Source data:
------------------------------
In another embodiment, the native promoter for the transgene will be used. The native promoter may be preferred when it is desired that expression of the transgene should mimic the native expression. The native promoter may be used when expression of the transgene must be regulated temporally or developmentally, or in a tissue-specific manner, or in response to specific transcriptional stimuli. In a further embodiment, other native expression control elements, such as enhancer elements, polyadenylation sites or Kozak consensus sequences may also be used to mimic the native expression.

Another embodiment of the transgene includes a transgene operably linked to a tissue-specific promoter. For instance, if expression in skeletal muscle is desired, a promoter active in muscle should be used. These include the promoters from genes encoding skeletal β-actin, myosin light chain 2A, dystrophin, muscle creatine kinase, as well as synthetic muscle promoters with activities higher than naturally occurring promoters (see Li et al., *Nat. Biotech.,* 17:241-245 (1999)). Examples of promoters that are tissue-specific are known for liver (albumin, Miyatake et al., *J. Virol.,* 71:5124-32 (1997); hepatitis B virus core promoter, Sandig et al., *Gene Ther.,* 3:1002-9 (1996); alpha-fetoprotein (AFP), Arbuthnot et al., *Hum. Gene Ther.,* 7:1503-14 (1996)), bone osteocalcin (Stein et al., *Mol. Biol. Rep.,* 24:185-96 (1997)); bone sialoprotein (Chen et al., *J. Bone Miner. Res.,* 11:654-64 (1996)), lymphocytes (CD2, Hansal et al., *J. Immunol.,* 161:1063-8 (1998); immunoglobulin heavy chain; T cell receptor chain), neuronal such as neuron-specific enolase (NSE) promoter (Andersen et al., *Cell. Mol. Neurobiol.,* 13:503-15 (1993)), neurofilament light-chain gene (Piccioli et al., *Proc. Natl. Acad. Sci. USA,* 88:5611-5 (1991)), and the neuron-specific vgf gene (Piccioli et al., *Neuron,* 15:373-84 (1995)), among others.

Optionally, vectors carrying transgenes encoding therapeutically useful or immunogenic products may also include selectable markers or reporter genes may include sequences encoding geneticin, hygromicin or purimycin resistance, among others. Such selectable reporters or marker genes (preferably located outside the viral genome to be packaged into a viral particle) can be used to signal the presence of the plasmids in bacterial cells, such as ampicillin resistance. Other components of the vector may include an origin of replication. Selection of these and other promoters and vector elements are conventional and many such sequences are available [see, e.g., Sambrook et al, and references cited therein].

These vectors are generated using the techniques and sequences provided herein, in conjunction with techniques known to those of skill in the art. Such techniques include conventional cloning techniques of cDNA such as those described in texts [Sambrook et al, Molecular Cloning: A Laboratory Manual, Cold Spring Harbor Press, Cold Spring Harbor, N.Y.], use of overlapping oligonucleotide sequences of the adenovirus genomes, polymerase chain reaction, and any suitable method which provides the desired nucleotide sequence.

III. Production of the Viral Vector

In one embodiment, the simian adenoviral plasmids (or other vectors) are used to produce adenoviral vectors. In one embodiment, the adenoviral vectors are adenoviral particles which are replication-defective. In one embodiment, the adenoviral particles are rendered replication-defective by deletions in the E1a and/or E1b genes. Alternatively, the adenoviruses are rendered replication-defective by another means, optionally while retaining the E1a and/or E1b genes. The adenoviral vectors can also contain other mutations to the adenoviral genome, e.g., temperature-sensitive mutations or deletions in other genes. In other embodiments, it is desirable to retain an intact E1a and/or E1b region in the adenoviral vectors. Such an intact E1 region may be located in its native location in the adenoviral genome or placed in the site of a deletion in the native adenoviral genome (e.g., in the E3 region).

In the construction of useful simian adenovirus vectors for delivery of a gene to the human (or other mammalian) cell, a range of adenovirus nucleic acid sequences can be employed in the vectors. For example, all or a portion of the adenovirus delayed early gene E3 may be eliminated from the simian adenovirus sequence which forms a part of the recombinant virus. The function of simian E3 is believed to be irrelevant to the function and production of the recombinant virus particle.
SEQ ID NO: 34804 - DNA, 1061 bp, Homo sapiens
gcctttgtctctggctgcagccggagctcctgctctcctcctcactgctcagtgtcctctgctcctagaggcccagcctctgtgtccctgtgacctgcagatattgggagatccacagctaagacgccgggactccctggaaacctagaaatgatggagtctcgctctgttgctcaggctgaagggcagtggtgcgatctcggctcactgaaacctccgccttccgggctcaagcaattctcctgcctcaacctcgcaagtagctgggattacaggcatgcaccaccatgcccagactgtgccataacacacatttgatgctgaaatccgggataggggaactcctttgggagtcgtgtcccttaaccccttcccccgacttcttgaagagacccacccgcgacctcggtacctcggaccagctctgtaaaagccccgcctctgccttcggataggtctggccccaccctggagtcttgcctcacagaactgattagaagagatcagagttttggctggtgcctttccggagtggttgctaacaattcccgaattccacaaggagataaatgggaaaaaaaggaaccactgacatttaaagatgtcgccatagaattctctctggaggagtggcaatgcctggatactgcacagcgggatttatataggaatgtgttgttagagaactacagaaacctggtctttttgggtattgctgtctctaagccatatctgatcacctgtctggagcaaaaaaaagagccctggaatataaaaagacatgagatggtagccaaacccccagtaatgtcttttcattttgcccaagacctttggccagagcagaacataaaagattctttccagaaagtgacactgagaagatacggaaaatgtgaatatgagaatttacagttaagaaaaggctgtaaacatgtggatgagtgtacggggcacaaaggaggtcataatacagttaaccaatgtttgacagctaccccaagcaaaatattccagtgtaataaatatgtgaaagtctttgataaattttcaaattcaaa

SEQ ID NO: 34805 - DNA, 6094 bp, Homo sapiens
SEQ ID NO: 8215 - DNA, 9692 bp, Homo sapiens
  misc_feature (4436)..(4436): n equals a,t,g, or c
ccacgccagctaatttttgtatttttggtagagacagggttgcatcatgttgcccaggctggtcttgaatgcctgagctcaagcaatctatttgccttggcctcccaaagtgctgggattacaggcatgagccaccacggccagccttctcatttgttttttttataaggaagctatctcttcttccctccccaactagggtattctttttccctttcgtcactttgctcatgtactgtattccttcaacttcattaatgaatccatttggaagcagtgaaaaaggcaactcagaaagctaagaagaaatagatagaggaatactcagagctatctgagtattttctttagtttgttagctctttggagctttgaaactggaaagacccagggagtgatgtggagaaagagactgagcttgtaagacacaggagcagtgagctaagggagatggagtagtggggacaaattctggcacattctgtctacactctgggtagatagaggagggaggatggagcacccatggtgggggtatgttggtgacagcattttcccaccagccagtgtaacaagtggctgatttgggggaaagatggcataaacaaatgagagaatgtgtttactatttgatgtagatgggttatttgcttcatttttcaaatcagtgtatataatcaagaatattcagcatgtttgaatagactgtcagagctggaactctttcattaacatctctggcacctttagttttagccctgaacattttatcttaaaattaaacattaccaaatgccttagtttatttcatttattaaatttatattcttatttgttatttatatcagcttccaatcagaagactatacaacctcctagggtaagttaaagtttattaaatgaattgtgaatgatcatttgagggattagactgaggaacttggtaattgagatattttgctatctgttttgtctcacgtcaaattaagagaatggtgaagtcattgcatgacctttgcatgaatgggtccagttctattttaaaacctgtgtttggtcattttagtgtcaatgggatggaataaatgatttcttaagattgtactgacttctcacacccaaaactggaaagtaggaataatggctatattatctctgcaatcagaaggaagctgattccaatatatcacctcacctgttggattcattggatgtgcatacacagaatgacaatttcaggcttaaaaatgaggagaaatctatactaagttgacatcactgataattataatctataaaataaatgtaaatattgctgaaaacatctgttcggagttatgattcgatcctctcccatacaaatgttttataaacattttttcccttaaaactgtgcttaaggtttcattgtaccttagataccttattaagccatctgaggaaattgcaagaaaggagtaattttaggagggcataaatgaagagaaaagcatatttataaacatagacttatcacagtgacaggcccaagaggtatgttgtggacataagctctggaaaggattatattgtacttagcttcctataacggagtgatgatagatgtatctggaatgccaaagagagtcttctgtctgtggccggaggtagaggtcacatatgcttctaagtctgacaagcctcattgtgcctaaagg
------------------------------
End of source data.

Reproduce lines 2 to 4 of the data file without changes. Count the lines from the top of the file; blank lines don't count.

Another embodiment of the transgene includes a transgene operably linked to a tissue-specific promoter. For instance, if expression in skeletal muscle is desired, a promoter active in muscle should be used. These include the promoters from genes encoding skeletal β-actin, myosin light chain 2A, dystrophin, muscle creatine kinase, as well as synthetic muscle promoters with activities higher than naturally occurring promoters (see Li et al., *Nat. Biotech.,* 17:241-245 (1999)). Examples of promoters that are tissue-specific are known for liver (albumin, Miyatake et al., *J. Virol.,* 71:5124-32 (1997); hepatitis B virus core promoter, Sandig et al., *Gene Ther.,* 3:1002-9 (1996); alpha-fetoprotein (AFP), Arbuthnot et al., *Hum. Gene Ther.,* 7:1503-14 (1996)), bone osteocalcin (Stein et al., *Mol. Biol. Rep.,* 24:185-96 (1997)); bone sialoprotein (Chen et al., *J. Bone Miner. Res.,* 11:654-64 (1996)), lymphocytes (CD2, Hansal et al., *J. Immunol.,* 161:1063-8 (1998); immunoglobulin heavy chain; T cell receptor chain), neuronal such as neuron-specific enolase (NSE) promoter (Andersen et al., *Cell. Mol. Neurobiol.,* 13:503-15 (1993)), neurofilament light-chain gene (Piccioli et al., *Proc. Natl. Acad. Sci. USA,* 88:5611-5 (1991)), and the neuron-specific vgf gene (Piccioli et al., *Neuron,* 15:373-84 (1995)), among others.

Optionally, vectors carrying transgenes encoding therapeutically useful or immunogenic products may also include selectable markers or reporter genes may include sequences encoding geneticin, hygromicin or purimycin resistance, among others. Such selectable reporters or marker genes (preferably located outside the viral genome to be packaged into a viral particle) can be used to signal the presence of the plasmids in bacterial cells, such as ampicillin resistance. Other components of the vector may include an origin of replication. Selection of these and other promoters and vector elements are conventional and many such sequences are available [see, e.g., Sambrook et al, and references cited therein].

These vectors are generated using the techniques and sequences provided herein, in conjunction with techniques known to those of skill in the art. Such techniques include conventional cloning techniques of cDNA such as those described in texts [Sambrook et al, Molecular Cloning: A Laboratory Manual, Cold Spring Harbor Press, Cold Spring Harbor, N.Y.], use of overlapping oligonucleotide sequences of the adenovirus genomes, polymerase chain reaction, and any suitable method which provides the desired nucleotide sequence.